Share this post


Link to post
Share on other sites

Many of the other posters no longer post on the board, although jerseyangel is still here. My husband had to quit alcohol for a different reason - it really stuffs up his sinuses badly now. :(

Share this post


Link to post
Share on other sites


Ads by Google:


I have been wondering the same thing. I've been lookinng for ages for any information on gluten intolerance and alcohol intolerance. Have any of you who have previously replied on this post had any changes as to what you can drink now? I always used to have a drink or two - maybe a couple of times a week/fortnight and sometimes on the weekends. I've been gluten free for just over a year and have found myself not being able to have any amount of alcohol anymore. Even one premixed drink gives me a headache and makes me sick in my stomach. I'm sick of it as I'd love to have a drink some days but it's just not worth it as it makes me feel so terrible! :(

What are you drinking? I don't do any of the premixed drinks on the rare occasions I do drink. I also discovered early on that if I want a vodka and lemonade it needs to be a potato vodka. I more commonly drink a clear rum and Pepsi, wine or on rare cases a gluten-free beer. With those I have no issues but I never drink more than one. I do not tolerate distilled gluten grains and even one will make me sick so I avoid whiskey and rye or flavored rums.

Share this post


Link to post
Share on other sites

I have this same problem. I keep thinking if I try new things I will find something that won't make me sick... For me it is not so much the stomach thing as it is a headache, my stomach doesn't hurt but I do throw up and just feel terrible. I think I'm just going to give it up. I'm tired of not feeling good.

Share this post


Link to post
Share on other sites

For me alcohol affected me differently because of the massive weight loss. It doesn't make me sick, but I can't handle nearly as much.

Share this post


Link to post
Share on other sites

Same - although maybe I;m just getting older? I had three drinks the other day and threw my guts up and then I had 3 drinks another day and had a 2 day hangover. I felt rotten. Before I realised I had a problem with gluten I started to get violently ill after drinking beer - I'd have a couple and then next day I would vomit bile all day long - I felt like death. I assumed it would all disappear if I drank gluten-free drinks - but no such luck. Although much less violently ill.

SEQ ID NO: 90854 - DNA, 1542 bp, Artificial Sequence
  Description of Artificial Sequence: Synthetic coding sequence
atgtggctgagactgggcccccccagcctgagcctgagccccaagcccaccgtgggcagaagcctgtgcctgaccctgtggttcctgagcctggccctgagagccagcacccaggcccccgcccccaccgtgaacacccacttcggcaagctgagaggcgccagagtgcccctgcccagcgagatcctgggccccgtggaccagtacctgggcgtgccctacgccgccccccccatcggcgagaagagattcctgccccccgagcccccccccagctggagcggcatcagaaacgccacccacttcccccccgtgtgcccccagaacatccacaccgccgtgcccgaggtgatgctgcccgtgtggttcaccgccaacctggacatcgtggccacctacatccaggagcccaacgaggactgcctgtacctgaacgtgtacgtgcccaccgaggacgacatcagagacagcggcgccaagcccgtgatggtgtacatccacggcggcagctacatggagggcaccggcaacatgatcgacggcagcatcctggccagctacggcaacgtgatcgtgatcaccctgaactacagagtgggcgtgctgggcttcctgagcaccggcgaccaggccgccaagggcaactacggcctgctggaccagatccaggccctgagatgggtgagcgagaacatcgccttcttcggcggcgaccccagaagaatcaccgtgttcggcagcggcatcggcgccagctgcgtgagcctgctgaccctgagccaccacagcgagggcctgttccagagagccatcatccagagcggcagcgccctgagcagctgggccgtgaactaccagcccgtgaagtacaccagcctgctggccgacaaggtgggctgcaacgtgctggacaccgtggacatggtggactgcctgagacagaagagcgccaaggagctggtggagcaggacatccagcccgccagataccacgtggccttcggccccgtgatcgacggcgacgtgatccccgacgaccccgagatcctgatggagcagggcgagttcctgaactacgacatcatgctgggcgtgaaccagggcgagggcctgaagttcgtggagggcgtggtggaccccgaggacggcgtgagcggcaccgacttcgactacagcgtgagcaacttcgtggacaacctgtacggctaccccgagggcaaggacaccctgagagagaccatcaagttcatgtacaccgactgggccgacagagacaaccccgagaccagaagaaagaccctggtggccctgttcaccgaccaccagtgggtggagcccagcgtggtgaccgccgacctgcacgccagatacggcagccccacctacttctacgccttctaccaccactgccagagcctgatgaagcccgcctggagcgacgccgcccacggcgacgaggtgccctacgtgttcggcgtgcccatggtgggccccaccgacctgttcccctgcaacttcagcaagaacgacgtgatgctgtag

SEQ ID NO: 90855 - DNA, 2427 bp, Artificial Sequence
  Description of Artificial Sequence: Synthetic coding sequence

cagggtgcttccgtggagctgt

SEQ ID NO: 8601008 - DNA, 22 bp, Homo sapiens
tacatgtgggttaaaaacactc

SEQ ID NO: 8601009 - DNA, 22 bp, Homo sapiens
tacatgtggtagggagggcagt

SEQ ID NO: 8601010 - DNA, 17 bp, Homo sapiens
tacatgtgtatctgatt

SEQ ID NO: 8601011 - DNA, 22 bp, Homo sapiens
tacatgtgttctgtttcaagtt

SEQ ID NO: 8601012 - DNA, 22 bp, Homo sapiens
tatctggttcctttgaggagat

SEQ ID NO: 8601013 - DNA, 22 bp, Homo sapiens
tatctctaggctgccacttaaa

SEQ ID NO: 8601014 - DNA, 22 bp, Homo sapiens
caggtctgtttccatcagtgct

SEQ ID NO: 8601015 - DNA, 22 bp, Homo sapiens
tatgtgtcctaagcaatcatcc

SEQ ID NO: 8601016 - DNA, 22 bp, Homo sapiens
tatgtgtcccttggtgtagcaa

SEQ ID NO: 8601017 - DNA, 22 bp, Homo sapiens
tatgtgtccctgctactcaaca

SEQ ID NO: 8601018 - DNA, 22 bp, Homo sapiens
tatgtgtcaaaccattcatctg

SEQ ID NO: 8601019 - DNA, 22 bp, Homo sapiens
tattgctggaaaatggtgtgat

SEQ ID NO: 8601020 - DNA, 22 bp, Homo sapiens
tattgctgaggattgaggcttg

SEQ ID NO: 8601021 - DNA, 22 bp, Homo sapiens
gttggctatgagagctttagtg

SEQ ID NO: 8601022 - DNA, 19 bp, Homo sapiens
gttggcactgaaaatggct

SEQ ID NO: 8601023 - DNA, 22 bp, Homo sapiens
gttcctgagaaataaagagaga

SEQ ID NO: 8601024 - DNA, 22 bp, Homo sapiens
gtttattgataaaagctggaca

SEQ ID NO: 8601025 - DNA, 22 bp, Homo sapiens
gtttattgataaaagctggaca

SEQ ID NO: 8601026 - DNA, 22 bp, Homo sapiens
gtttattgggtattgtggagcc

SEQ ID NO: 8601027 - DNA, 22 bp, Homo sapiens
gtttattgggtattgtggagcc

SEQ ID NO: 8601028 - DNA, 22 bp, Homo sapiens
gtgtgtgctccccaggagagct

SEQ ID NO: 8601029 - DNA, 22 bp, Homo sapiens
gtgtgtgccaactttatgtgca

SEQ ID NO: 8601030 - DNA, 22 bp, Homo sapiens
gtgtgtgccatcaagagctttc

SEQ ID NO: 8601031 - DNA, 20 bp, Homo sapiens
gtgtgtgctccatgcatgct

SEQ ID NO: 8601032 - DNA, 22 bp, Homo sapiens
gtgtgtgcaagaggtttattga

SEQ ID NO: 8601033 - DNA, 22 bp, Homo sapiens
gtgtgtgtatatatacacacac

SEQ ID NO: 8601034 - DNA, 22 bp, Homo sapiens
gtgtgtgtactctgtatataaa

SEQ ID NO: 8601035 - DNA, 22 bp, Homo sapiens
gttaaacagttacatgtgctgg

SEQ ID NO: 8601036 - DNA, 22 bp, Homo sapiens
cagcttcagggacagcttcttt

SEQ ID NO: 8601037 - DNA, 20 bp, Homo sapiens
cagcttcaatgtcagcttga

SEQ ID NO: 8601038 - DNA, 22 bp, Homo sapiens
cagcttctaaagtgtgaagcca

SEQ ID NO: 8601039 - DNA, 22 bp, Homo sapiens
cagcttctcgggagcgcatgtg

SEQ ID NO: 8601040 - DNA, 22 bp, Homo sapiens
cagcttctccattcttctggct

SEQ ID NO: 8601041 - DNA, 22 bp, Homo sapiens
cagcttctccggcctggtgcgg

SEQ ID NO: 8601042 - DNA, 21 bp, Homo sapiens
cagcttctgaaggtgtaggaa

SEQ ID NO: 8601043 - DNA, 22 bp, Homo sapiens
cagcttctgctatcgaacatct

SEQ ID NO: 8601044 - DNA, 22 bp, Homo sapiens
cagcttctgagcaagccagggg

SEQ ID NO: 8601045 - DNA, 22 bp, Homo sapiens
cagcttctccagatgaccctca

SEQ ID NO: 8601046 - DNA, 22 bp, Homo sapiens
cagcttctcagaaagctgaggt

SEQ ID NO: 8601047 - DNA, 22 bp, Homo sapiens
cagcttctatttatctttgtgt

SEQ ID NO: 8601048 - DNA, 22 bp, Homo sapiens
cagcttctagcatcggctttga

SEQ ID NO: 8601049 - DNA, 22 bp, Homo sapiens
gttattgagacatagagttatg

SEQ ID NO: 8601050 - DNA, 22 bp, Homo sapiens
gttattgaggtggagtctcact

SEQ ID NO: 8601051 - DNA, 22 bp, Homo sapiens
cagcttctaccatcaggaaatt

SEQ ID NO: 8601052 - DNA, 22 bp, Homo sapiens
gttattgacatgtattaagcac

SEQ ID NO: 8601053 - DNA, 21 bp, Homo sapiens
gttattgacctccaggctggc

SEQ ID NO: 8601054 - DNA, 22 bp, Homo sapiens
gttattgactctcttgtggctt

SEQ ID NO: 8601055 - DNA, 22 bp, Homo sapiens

Share this post


Link to post
Share on other sites

I have read in a couple of places that Celiac can make you more suseptible to alcohol because of the damage to your small intestine. That said, I usually have a stronger reaction to alcohol if it has bubbles (beer, cider, mixed with pop) than if it's flat (wine, or straight liquor). I drank almost an entire bottle of red wine last weekend, and hardly had any effect at all, but one can of Strongbow can make me ill.

Share this post


Link to post
Share on other sites

This is going to sound bad, but its the truth. Before going gluten free, I drink daily, mostly beer, canadian whiskey, and vodka were my pleasures. 6-8 beers or 2-4 double shot drinks, or combination of both. I still drink daily, but now it's New Grist gluten free beer, hard ciders, rum, and corn vodka. (I don't care for tequila). I did drink some grain vodka and grain whiskey distilled at least 6 times. They didn't make me sick, but felt like I had been slightly gluten the next day. I did drink 2 double shots straight grain whiskey with my gluten free beer one evening, which was not uncommon prior to being gluten free, I got thorwing up sick that night and woke up with blood vessels busted in one eye. I no longer drink hard liquer straight.

I know someone reading this is thinking "why do you drink"? I don't understand why someone smokes, drinks large amounts of fountain soda, eats a whole bag of chips or seeds. I just want to share what I've experianced with drinkng and being gluten free.

Share this post


Link to post
Share on other sites

Can some one explain to me why so many people are shocked that they can't tolerate alcohol and need to find a reason? I have a reason for them, alcohol is literally poison. The human body was not designed to tolerate alcohol. I don't know, maybe because I rarely drink my opinion is different.

Share this post


Link to post
Share on other sites

Incant drink anymore. Wine especially makes me very ill. I just gave it up. I can tell you I look better than ever!